Diagram/Curve:

The shape of the average variable cost curve (Fig. 13.5) is like a flat U-shaped curve. It shows that when the output is increased, there is a steady fall in the average variable cost due to increasing returns to variable factor. It is minimum when 500 meters of doth are produced. When production is increased to 600 meters, of cloth or more, the average variable cost begins to increase due to diminishing returns to the variable factor.

(3) Average Total Cost (ATC):


Average total cost refers to cost (both fixed and variable) per unit of output. Average total cost is obtained by dividing the total cost by the total number of commodities produced by the firm or when the total sum of average variable cost and average fixed cost is added together, it becomes equal to average total cost.

Formula:
ATC = Total Cost (TC) Output (Q)

Behavior of Average Total Cost:


As the output of a firm increases, average total cost like the average variable cost decreases in the beginning reaches a minimum and then it increases. The reasons for decline of ATC in the beginning are that it is the sum of AFC and AVC. Average fixed cost and average variable costs have both the tendency to fall as output is increased. Average total cost will continue falling so long average variable cost does not rise. Even if average variable cost continues rising, it is not necessary that the average total cost will rise. It can be due to the fact that the increase in average variable cost is less than the fall in average fixed cost. The increase in average variable cost is counterbalanced by a rapid fall of

average fixed cost. If the rise in the average variable cost is greater than the fall in average fixed cost, then the average total cost will rise. The tendency to rise on the part of average total cost-in the beginning is slow, after a certain point it begins to increase rapidly.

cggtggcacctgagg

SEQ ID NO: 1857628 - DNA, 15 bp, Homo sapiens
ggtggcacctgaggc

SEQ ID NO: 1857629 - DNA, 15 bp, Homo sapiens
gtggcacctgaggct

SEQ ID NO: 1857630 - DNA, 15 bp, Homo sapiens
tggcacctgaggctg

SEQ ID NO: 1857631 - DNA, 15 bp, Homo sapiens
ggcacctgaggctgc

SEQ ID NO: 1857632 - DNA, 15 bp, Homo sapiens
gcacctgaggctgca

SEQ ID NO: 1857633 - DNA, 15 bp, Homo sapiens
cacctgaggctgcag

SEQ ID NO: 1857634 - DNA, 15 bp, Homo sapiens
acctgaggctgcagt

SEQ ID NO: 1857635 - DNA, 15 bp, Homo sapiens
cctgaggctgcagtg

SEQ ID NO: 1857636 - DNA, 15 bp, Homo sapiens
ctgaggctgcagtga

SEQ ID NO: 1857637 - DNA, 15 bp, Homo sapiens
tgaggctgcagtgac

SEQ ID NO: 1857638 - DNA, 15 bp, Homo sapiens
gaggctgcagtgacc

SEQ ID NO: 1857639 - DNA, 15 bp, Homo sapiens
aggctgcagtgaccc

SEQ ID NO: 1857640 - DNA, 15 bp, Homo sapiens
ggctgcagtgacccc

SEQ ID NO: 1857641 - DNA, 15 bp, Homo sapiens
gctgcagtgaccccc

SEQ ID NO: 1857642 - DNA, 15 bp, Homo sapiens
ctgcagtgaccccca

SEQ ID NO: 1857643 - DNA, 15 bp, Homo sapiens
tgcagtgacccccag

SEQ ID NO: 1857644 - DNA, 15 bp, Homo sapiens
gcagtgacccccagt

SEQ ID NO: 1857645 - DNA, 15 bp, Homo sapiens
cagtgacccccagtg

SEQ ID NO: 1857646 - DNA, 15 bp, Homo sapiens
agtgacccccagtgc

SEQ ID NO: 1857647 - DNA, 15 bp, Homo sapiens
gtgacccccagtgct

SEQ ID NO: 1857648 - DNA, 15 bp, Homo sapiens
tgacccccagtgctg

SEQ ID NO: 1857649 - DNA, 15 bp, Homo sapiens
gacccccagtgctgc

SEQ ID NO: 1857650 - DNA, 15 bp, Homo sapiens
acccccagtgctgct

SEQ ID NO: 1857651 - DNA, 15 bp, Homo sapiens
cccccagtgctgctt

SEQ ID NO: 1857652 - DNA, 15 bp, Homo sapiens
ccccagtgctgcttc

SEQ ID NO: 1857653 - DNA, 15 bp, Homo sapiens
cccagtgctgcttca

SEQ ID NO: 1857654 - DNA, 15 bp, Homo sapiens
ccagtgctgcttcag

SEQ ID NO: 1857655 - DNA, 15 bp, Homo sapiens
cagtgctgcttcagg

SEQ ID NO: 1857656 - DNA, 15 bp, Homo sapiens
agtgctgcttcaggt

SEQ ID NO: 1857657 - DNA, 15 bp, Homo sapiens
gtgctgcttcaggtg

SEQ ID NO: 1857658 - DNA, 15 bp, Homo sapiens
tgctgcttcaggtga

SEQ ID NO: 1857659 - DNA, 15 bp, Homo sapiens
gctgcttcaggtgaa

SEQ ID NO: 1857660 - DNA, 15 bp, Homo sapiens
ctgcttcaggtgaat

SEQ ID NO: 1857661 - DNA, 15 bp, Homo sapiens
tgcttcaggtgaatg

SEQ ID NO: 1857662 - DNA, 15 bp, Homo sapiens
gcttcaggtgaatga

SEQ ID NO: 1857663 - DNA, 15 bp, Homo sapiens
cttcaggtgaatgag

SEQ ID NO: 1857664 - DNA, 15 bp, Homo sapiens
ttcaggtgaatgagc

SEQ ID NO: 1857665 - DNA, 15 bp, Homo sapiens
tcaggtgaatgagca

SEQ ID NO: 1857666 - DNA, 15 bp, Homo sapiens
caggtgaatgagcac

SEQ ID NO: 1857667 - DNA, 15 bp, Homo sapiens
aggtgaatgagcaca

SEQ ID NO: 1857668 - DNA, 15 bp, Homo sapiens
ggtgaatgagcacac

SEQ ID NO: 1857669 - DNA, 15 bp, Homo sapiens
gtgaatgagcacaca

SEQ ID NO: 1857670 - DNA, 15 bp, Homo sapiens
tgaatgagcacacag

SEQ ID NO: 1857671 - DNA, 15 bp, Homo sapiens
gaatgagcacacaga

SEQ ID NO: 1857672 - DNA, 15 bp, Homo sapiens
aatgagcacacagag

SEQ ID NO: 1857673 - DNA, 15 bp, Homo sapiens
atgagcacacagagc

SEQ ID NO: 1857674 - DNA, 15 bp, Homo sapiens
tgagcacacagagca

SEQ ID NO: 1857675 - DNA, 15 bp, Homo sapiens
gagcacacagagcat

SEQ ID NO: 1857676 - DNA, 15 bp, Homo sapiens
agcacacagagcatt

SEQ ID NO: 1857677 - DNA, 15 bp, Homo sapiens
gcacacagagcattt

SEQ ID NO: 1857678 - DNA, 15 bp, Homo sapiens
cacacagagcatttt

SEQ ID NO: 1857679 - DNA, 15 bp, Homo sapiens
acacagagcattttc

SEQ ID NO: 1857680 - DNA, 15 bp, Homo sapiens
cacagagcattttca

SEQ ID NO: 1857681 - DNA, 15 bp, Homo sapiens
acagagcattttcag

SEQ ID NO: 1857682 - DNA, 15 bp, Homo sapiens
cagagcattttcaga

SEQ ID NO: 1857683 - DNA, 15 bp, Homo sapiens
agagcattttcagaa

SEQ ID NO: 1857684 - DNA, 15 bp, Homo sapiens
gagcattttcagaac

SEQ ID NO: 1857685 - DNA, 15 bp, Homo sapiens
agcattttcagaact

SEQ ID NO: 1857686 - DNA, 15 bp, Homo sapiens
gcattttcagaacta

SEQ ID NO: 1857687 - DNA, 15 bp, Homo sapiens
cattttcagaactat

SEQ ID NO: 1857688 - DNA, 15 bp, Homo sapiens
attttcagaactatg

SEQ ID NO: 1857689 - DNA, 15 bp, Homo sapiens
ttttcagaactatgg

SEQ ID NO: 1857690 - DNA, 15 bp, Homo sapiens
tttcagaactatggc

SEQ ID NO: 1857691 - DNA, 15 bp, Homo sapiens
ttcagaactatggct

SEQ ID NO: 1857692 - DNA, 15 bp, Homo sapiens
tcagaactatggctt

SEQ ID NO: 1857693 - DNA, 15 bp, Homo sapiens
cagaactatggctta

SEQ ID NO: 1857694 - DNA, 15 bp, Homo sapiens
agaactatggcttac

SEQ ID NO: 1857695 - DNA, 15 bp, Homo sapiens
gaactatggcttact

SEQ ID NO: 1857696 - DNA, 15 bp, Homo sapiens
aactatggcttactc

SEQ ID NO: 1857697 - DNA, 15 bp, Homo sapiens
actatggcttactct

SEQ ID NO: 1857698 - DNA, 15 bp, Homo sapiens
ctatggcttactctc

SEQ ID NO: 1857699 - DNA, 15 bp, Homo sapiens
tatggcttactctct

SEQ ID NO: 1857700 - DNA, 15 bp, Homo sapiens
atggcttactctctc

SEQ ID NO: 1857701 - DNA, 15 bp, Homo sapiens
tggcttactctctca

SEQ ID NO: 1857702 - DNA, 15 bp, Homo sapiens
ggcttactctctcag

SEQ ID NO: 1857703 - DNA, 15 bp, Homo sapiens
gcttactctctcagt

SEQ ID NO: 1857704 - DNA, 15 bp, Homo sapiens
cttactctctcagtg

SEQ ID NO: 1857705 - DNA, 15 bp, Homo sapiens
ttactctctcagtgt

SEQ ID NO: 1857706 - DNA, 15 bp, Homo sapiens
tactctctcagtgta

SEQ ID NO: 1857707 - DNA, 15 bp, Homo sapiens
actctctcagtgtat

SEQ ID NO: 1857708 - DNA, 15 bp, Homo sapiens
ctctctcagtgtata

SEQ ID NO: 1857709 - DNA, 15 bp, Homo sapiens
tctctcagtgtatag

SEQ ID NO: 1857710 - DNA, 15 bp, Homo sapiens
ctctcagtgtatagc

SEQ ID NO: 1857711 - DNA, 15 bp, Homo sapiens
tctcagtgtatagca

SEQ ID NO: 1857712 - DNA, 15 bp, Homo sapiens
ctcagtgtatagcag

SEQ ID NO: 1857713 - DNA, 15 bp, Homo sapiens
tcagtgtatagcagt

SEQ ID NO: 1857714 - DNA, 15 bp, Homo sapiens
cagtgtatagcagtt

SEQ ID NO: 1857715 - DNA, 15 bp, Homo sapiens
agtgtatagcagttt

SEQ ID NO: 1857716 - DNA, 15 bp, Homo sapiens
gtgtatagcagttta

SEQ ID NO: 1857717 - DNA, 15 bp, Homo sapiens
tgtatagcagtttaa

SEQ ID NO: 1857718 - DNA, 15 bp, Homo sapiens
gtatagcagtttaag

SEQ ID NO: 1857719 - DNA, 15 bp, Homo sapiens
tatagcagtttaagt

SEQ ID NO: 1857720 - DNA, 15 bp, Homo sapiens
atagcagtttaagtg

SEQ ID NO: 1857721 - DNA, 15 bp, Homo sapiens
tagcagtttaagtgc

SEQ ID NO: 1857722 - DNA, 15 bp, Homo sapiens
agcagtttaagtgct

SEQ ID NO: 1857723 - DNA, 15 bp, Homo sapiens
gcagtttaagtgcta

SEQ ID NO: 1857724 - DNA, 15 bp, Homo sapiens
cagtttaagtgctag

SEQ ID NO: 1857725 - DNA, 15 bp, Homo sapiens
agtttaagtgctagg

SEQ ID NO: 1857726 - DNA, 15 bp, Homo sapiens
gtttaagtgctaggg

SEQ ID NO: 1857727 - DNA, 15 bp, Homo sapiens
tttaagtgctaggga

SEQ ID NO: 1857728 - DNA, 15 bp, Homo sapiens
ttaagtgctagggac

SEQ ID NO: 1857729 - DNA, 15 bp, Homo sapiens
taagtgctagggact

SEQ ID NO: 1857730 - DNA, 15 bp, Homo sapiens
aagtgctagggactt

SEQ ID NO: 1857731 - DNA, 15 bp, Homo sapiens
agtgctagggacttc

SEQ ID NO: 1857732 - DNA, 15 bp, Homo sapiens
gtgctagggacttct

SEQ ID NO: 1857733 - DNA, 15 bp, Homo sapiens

Diagram/Curve:

The average total cost is represented here by a shaped curve in Fig. (13.6). The average total cost curve is also like a U-shaped curve. It shows that as production increases from 100 meters to 200 meters of cloth, the cost falls rapidly, reaches a minimum but then with higher level of output, the average fixed cost begins to increase.

Short Run and Long Run Average Cost Curves:


Relationship and Difference: Short Run Average Cost Curve:
In the short run, the shape of the average total cost curve (ATC) is U-shaped. The, short runaverage cost curve falls in the beginning, reaches a minimum and then begins to rise. The reasons for the average cost to fall in the beginning of production are that the fixed factors of a firm remain the same. The change only takes place in the variable factors such as raw material, labor, etc. As the fixed cost gets distributed over the output as production is expanded, the average cost, therefore, begins to fall. When a firm fully utilizes its scale of operation (plant size), the average cost is then at its minimum. The firm is then operating to its optimum capacity. If a firm in the short-run increases its level of output with the same fixed plant; the economies of that scale of production change into diseconomies and the average cost then begins to rise sharply.

Long Run Average Cost Curve:


In the long run, all costs of a firm are variable. The factors of production can be used in varying proportions to deal with an increased output. The firm having time-period long enough can build larger scale or type of plant to produce the anticipated output. The shape of the long run average cost curve is also U-shaped but is flatter that the short run curve as is illustrated in the following diagram:

Diagram/Figure: